• one action is for all the plants
  • The time is right to start using these 5 principles
  • we need a deeper understanding of plant
  • The inspiration of the wild
    • evolutionary forces
    • personal memories
    • a collective memory of nature
      • emotion response from seeing landscape
      • patterns of layouts
  • Plant communities
    • make a pattern people understand
    • people turning to the garden for habitat restoration p. 69
    • must recreate the context of the plants
  • Grasslands
    • exist on every continent in the world
    • provides the ideal mix for designer
    • it’s open (the breeze)
    • grasslands show climate change
      • color
      • wetnss
      • foilage
    • Dry/Wet/Moist Grassland community
    • Grassland lacks trees horizontal view
    • Grassland plant communities have more species per square meter than many forests   p. 78
    • underground diversity
    • all has to do with layers
    • grasslands have many communities that strive throughout the year (these plant provide benefits to other after blooming)
    • use seasonal themes (like layers)
    • ground cover layers p.85  (allowing fixing nitrogen from the air to the soil)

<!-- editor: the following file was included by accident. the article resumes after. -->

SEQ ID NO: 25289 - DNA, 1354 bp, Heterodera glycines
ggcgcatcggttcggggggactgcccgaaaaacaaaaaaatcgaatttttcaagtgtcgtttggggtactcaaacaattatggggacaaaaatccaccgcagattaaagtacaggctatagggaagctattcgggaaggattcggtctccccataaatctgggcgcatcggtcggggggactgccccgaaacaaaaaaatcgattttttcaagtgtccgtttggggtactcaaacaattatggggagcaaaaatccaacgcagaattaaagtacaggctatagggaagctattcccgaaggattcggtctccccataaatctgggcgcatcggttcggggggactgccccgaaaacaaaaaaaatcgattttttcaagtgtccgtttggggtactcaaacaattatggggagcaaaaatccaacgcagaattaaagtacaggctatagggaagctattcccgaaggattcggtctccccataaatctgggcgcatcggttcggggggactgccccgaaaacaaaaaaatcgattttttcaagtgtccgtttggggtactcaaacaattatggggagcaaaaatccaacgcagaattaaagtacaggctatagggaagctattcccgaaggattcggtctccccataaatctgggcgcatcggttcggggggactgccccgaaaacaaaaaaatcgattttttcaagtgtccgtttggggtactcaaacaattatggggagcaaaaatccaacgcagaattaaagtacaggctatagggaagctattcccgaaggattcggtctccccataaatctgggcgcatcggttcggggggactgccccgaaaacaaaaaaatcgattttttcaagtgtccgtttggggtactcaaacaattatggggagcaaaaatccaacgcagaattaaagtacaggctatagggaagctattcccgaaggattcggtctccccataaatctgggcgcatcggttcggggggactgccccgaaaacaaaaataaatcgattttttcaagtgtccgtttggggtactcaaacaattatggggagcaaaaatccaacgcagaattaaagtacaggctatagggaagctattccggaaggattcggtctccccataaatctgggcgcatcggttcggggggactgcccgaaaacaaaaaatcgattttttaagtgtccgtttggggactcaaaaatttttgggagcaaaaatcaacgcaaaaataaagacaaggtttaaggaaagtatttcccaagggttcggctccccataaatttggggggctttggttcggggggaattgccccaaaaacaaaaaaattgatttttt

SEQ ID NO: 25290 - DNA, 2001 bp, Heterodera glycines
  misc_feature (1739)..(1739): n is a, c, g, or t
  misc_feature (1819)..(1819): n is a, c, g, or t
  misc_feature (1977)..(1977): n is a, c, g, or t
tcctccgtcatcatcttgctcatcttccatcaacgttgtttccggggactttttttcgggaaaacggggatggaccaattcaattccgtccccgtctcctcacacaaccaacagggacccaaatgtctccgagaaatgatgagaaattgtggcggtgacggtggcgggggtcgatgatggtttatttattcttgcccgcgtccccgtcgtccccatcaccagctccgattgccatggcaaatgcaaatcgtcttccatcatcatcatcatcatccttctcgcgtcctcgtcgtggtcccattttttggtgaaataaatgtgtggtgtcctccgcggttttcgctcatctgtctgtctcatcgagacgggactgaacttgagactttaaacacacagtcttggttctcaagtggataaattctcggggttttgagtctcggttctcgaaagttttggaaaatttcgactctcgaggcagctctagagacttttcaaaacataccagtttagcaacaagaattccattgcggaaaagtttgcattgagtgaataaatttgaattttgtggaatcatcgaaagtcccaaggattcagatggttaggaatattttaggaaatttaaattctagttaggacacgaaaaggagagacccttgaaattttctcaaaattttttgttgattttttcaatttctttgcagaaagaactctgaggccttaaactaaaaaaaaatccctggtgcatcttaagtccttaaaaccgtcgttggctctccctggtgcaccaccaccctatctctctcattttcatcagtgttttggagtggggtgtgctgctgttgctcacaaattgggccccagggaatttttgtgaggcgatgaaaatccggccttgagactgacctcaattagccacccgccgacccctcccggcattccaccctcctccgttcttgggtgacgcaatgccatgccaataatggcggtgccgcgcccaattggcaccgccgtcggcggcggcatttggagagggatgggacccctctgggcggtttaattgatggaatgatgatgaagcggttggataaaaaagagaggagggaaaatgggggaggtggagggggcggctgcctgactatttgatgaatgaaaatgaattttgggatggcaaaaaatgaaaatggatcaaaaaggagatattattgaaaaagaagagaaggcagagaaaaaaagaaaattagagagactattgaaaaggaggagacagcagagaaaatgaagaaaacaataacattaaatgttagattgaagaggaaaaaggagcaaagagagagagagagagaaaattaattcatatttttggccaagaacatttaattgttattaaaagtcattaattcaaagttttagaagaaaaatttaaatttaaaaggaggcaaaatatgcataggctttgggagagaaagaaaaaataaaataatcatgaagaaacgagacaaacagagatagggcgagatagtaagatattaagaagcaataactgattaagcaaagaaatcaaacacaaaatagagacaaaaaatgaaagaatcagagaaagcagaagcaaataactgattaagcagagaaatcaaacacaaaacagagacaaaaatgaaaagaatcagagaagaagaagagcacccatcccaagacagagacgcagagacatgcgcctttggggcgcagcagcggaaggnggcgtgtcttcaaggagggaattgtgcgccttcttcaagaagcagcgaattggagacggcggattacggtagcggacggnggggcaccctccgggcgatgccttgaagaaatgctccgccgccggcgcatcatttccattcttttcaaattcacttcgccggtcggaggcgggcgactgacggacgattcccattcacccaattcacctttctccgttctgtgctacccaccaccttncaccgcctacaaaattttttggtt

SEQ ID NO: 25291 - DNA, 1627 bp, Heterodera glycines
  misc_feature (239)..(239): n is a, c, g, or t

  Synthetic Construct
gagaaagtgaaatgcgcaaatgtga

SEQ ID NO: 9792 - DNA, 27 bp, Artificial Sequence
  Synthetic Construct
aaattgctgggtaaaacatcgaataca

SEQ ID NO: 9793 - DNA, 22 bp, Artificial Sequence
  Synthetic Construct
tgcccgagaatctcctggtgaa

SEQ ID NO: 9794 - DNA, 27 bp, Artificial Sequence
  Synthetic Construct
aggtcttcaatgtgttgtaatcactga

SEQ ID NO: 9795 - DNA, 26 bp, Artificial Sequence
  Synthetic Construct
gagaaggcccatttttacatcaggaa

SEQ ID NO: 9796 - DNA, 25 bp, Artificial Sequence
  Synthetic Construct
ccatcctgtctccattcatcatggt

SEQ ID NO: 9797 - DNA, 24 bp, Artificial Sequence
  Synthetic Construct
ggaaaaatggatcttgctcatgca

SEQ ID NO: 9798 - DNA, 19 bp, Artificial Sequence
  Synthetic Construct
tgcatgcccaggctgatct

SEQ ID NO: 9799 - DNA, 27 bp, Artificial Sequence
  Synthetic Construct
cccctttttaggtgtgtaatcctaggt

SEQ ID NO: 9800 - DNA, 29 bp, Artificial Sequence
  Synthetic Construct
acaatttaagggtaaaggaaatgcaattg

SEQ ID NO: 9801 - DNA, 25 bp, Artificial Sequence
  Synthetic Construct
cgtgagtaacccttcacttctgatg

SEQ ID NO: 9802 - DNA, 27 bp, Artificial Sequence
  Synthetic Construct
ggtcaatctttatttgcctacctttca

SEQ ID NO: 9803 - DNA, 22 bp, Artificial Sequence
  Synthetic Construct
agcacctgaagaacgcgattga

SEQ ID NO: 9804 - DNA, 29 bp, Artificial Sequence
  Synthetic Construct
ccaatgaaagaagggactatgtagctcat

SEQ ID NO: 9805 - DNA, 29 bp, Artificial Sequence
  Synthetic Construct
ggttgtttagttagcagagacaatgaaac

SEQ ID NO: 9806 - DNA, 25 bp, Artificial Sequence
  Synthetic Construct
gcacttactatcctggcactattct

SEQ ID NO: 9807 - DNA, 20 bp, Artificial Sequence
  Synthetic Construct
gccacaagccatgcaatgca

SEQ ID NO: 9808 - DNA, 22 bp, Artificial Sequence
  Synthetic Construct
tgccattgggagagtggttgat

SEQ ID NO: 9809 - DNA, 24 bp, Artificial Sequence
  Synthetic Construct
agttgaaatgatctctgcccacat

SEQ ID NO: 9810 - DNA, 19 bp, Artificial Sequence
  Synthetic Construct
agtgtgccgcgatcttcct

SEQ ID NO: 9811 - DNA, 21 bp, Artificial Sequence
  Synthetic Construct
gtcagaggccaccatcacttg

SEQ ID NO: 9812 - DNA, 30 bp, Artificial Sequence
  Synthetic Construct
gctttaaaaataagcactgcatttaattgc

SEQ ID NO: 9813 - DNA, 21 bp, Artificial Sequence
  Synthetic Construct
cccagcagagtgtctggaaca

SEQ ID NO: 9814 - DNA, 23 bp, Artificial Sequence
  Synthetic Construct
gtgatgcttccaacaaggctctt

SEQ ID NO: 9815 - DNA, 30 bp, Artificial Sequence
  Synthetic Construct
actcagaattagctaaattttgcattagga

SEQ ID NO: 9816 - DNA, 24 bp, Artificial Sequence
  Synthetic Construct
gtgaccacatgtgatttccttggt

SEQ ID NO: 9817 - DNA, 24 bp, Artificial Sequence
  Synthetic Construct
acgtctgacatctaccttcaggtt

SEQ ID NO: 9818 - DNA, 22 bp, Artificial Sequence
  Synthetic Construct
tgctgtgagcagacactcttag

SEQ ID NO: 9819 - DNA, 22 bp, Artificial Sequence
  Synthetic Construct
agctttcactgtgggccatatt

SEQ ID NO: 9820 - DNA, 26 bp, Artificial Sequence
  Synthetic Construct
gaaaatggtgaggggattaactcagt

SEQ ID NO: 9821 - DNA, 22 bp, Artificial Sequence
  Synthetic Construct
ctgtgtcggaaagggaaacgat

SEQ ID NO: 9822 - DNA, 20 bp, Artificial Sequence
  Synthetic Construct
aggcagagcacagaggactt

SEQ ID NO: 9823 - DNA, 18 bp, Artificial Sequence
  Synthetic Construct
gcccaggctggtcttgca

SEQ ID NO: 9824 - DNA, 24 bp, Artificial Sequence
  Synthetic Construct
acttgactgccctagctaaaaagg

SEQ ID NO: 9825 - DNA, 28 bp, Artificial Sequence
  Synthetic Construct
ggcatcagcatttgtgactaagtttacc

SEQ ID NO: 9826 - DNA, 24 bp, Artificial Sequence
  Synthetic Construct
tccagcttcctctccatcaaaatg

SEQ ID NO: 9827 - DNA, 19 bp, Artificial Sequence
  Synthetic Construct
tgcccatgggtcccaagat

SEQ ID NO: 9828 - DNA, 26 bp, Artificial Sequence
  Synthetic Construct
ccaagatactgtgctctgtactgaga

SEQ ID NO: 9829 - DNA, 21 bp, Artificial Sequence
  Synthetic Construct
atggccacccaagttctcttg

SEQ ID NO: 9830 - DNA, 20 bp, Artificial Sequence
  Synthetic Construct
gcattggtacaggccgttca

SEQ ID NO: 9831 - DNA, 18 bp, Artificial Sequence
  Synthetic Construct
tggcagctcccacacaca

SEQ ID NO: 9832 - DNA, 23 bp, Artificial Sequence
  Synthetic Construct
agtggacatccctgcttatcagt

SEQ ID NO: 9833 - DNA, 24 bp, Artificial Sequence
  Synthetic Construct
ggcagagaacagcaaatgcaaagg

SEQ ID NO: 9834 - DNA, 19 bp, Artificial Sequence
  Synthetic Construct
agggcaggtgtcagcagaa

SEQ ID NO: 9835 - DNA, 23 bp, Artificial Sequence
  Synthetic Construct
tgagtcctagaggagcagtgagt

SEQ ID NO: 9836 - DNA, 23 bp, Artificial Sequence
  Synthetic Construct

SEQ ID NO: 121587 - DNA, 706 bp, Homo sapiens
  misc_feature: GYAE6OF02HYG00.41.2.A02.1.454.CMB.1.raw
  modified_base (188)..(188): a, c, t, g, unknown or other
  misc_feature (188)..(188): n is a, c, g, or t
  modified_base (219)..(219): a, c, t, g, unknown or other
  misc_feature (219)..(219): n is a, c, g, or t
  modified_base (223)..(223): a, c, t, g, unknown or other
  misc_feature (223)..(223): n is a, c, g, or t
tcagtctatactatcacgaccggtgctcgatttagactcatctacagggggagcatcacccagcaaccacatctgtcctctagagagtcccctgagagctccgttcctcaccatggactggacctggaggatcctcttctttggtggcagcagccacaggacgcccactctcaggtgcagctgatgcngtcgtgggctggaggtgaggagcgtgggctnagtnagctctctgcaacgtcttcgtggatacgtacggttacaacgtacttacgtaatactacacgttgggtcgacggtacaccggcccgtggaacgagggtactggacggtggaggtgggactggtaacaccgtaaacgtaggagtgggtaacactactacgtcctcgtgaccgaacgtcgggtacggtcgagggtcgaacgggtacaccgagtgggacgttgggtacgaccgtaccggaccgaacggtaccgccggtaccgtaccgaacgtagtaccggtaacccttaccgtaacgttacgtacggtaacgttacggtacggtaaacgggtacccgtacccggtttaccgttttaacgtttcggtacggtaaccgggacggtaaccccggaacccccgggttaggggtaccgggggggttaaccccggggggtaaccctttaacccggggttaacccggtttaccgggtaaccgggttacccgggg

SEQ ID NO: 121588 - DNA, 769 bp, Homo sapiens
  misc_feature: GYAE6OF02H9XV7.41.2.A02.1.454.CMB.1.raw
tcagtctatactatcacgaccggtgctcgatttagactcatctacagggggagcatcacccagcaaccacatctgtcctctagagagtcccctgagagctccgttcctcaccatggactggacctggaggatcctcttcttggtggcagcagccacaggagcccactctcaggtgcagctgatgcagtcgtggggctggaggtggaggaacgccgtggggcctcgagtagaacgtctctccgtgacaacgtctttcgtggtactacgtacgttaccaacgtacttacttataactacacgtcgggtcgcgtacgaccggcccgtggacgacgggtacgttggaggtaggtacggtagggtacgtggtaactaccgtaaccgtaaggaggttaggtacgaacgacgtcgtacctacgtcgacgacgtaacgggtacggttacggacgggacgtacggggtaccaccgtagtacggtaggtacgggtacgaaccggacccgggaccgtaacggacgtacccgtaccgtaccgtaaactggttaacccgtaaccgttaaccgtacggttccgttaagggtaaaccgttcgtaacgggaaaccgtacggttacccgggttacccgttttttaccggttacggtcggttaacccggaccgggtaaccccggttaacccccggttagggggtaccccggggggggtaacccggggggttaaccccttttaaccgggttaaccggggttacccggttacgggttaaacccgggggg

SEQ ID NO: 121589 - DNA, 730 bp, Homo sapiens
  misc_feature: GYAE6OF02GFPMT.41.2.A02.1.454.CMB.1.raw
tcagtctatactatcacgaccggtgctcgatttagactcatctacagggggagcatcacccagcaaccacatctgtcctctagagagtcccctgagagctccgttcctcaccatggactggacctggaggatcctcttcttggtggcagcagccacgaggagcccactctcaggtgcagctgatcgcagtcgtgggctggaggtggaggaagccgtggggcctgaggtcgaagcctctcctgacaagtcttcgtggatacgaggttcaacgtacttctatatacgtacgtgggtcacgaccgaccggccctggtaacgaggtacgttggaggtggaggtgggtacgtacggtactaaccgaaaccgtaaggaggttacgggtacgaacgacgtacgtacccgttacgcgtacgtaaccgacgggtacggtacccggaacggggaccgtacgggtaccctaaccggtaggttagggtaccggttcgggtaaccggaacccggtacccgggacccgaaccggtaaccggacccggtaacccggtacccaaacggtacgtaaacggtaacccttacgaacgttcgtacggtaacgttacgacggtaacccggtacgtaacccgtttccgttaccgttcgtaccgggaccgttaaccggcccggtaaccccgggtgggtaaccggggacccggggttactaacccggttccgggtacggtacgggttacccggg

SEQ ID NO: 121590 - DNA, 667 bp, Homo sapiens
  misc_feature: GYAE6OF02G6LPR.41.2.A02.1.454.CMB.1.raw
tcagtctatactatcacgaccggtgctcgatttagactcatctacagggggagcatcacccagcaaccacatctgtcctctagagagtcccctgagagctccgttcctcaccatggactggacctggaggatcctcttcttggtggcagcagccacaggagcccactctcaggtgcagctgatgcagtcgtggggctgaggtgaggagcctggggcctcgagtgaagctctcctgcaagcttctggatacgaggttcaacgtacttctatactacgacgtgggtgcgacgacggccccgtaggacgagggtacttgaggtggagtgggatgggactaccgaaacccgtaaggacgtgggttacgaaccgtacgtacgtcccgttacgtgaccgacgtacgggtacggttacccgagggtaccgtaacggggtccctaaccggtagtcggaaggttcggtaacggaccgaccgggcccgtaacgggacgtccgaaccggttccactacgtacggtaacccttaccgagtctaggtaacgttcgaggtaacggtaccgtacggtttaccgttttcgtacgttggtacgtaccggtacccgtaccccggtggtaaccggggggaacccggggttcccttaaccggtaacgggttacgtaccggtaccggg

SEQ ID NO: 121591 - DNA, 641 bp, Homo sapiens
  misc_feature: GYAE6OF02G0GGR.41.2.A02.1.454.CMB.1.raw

• bulbs like grasslands
    • early spring is for ground cover rules
    • Colobine self seed
    • filler plants have great value in early stages of planting
    • plants that work in several layers
    • need a consistent plant cover that’s good for the soil building function  p. 91
    • Problems in grassland  p.93
      • towering plants  (keep about waist high)
      • too little visual interest   (color matters)
      • jarring combination (mixing in plants)
    • Woodlands and Shrublands
      • COPPPING LIKE DESERT plants
      • trees are shorter than typical forest
      • trees end up being clustered in woolands and shrublands
    • Essential layers of woodlands and shrublands
      • canopy layers
        • plants grow year round
        • small number of species
      • woody layer
        • like ground cover
        • open canopy allows grasses on ground plans
      • Herbaceous layer
        • ground cover and taller structural layers
        • looks like a single expression
      • problems to avoid
        • maintain layers p. 101-2
        • woodlands when ground planes are well mixed
        • disringish layers (like low shrubs, natives, or ground cover)  p. 102
        • maybe have to high shrubs
        • high canopy
      • Forest
        • patchwork of many species
        • watch for shade density
        • also, canopy openings
        • forest seems well open
        • good for viewing
        • expression of the forest floor
        • smells earthly   p. 106
        • ethering oil of pin, fir, and cedar used for bathing salts
        • a hike in the forest sharpens our attention
        • vertical lines define a forest p. 106
      • The third life cycle P.110
      • In planting design limit bad views p. 112
        • no open soil
        • combining different species
      • Edges
        • man made
        • function of depths
        • edge of a woodland or water
        • usually by  man-made structure
        • for grassland edges
          • two feet deep
          • needs to be attractive